Even with kiln drying and proper installation, you will most likely see a slight change in floor board width seasonally. The width of the floor board or orientation of the grain within each piece, is often dependent upon how dry or moist the air is within the home. This seasonal expansion and contraction can be expected and occurs in all interior woodwork. Usually, the flooring planks will be the fullest in the humid summer months. In the winter heating months however the flooring planks will often shrink slightly, depending upon how dry the air is within the home.        

Wide planks can be used for Radiant heated floors provided they are within 6-9% moisture content . Run the Radiant system at least one full week prior to your installation date, this will further dry out any hidden sub-floor or building moisture. When installing in drier regions of the country or during a very dry season, install square edge planks with a 1/16" side gap between all the surrounding planks, this will allow planks to grow or settle in when moisture levels fluctuate to around 9-12%.Both nail and back glue. (Fig 5)

(2)    Plank placements; As with strip hardwood floors it is recommended that your planks be installed opposite (perpendicular) to floor joists. Our flooring is sold by the net square foot or full box. We carry many styles widths, and lengths. Typical orders require 5-10% additional wood for cuttings and individual defect replacement.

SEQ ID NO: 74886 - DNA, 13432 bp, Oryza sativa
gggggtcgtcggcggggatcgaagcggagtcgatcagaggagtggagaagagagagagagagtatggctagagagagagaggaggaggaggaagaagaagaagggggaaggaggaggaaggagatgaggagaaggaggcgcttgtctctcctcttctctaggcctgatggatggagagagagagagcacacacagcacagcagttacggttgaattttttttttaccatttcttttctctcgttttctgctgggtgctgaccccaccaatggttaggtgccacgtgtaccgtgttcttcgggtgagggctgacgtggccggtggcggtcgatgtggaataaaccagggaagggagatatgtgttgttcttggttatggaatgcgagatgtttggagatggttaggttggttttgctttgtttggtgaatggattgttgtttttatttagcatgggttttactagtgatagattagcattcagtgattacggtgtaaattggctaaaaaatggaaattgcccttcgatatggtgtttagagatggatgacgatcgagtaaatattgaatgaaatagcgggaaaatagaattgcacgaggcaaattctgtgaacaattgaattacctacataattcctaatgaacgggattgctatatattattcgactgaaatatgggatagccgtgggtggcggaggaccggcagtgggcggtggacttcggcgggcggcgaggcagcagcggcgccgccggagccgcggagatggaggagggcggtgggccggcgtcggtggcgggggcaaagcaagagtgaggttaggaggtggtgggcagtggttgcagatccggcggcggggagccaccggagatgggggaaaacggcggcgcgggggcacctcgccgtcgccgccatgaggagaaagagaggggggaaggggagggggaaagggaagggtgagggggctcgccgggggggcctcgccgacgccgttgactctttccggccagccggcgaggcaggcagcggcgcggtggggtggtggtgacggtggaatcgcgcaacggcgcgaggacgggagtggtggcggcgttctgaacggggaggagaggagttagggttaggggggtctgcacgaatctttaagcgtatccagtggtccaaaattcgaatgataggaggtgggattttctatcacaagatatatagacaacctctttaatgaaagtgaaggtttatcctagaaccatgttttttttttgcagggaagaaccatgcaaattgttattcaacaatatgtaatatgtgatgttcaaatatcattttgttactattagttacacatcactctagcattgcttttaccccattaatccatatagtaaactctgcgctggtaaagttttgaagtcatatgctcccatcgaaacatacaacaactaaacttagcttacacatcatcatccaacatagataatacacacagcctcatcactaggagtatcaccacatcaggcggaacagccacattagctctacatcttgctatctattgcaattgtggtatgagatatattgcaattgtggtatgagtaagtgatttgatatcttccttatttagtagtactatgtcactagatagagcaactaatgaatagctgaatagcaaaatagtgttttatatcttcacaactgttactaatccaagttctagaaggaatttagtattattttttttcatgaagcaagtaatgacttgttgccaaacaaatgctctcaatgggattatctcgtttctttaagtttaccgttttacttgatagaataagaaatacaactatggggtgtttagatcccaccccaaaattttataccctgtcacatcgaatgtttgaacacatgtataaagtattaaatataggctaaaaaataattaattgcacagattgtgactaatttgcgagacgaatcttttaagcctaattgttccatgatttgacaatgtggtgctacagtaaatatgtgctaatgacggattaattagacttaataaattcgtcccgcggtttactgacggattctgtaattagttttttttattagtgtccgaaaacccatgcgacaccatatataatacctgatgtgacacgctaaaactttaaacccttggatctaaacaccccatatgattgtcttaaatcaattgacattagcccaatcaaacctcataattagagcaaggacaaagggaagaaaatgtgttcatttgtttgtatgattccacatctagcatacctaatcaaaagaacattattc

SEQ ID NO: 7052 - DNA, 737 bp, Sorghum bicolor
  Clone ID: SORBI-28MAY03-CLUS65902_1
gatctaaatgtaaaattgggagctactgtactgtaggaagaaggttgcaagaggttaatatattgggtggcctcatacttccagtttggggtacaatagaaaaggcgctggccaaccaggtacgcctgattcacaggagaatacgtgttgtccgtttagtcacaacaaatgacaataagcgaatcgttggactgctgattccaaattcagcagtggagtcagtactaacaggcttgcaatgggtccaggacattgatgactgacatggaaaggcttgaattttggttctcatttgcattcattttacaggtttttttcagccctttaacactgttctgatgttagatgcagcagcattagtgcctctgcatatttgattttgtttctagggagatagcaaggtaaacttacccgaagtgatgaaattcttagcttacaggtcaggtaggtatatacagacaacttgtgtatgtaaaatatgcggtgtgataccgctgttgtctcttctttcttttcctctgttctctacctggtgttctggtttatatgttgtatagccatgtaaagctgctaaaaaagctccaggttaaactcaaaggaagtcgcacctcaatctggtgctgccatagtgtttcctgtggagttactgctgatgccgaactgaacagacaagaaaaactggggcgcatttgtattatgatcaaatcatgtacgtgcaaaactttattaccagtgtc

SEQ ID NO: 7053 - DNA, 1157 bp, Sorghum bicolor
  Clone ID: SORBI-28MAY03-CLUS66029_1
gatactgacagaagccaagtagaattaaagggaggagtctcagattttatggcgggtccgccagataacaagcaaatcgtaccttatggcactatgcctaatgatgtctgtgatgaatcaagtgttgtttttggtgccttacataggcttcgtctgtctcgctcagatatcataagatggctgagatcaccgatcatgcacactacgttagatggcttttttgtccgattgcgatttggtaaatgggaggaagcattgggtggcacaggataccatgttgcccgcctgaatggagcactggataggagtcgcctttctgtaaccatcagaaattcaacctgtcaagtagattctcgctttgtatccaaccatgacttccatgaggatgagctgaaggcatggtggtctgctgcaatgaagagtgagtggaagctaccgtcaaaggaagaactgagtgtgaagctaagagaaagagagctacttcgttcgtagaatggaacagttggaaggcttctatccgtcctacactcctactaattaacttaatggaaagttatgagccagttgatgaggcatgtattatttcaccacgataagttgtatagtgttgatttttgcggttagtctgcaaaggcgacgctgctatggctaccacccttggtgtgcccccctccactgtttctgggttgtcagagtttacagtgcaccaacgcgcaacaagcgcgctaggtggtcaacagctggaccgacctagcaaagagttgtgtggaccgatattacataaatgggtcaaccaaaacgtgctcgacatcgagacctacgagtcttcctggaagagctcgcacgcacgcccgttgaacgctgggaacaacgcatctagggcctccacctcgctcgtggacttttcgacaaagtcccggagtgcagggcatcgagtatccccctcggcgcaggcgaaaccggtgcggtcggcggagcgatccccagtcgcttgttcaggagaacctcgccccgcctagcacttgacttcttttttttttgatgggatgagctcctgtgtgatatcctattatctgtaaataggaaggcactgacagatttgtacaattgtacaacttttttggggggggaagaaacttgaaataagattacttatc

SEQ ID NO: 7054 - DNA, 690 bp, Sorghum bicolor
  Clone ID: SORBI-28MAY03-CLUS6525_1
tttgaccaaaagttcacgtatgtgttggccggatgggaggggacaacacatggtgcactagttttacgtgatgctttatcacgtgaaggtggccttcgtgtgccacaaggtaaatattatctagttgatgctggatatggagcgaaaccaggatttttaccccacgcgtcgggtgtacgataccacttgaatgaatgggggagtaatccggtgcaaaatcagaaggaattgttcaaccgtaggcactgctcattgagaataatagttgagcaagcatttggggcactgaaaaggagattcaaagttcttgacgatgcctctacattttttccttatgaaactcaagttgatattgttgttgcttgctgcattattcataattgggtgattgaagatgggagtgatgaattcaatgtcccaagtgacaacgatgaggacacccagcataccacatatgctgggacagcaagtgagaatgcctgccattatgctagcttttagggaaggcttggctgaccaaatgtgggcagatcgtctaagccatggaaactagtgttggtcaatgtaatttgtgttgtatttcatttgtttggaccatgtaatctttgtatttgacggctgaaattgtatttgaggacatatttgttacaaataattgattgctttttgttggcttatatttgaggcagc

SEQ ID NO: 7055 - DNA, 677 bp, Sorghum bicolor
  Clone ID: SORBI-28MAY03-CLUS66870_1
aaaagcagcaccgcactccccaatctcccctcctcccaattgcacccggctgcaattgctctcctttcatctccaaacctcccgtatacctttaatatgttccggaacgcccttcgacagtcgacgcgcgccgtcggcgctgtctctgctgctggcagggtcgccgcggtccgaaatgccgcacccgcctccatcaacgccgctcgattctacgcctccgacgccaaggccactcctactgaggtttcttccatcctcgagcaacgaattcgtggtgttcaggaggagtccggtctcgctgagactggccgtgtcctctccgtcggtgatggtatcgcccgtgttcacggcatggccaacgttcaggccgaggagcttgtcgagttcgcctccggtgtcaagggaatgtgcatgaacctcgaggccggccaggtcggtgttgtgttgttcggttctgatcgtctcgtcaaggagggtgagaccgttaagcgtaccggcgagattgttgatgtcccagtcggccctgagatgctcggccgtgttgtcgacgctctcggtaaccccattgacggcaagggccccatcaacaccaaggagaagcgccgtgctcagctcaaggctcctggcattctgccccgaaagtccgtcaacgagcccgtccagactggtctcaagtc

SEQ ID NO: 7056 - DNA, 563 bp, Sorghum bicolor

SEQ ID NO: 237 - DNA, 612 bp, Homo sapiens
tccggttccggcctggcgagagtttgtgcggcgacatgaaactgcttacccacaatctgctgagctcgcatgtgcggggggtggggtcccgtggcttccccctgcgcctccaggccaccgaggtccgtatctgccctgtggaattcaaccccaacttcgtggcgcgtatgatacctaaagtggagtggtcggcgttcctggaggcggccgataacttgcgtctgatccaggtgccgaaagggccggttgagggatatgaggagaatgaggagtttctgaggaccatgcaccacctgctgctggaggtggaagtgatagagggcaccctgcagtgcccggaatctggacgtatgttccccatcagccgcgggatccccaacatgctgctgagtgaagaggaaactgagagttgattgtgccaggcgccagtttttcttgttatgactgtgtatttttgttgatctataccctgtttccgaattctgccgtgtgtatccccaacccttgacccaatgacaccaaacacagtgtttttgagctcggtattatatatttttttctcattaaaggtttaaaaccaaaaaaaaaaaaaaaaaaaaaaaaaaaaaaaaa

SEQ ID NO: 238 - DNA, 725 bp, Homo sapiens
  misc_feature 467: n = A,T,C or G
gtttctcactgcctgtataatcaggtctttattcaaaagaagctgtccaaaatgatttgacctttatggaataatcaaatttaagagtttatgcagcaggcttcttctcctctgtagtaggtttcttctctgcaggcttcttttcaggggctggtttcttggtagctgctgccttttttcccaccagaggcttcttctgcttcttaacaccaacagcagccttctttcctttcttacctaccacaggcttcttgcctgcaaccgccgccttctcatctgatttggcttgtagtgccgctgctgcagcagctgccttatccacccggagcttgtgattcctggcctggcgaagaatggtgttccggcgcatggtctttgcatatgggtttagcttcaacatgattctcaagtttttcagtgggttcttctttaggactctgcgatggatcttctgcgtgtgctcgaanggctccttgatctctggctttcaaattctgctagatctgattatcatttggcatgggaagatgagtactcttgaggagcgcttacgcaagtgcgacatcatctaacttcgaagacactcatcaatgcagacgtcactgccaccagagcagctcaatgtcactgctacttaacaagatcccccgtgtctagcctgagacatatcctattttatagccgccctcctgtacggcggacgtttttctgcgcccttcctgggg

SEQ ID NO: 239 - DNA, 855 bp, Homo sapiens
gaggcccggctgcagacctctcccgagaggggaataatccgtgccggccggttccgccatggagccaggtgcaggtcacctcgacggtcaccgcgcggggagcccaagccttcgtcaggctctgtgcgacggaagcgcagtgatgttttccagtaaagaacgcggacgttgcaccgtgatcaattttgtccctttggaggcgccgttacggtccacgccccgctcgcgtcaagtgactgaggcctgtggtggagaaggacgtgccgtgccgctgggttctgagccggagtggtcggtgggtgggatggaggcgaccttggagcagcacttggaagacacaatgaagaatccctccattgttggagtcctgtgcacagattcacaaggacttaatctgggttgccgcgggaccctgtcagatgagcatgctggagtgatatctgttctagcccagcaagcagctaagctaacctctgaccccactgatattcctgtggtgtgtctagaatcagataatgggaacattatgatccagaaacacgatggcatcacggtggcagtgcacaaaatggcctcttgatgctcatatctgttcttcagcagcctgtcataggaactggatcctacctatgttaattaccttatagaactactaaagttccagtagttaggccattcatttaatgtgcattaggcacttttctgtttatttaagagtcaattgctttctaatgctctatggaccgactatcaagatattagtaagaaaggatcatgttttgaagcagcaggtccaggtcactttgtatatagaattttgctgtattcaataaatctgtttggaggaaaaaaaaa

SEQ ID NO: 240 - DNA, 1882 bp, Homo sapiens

Depending on the look the customer/installer wants, (un-finished) long planks can be installed in two ways, long boards staggered or they can be further cut down to achieve a more random length look. For example, long 10' non-tongue and grooved square edge planks can be trimmed down to sizes of 8', 6', and 4' for a more random length installation. Board lengths and widths vary and are laid randomly to create an authentic, staggered and alternating look. We typically work with lengths of 6', 8' and 10' in length and can have planks longer from time-to-time. Planks of all one width size can be installed, or some installers utilize two widths (specified by the customer) and then alternate these different width planks throughout the entire job. Start your flooring with the longer, wider planks then alternate randomly with the narrow boards, do not form a pattern. Additionally, all planks are individually backed glued with urethane to the sub-floor. Each plank is then face-nailed with old-fashioned, square nails, nail holes are first piloted to minimize splitting.

*The customer and installer must communicate together the actual plank style placement and overall floor appearance that is desired before the wide plank installation.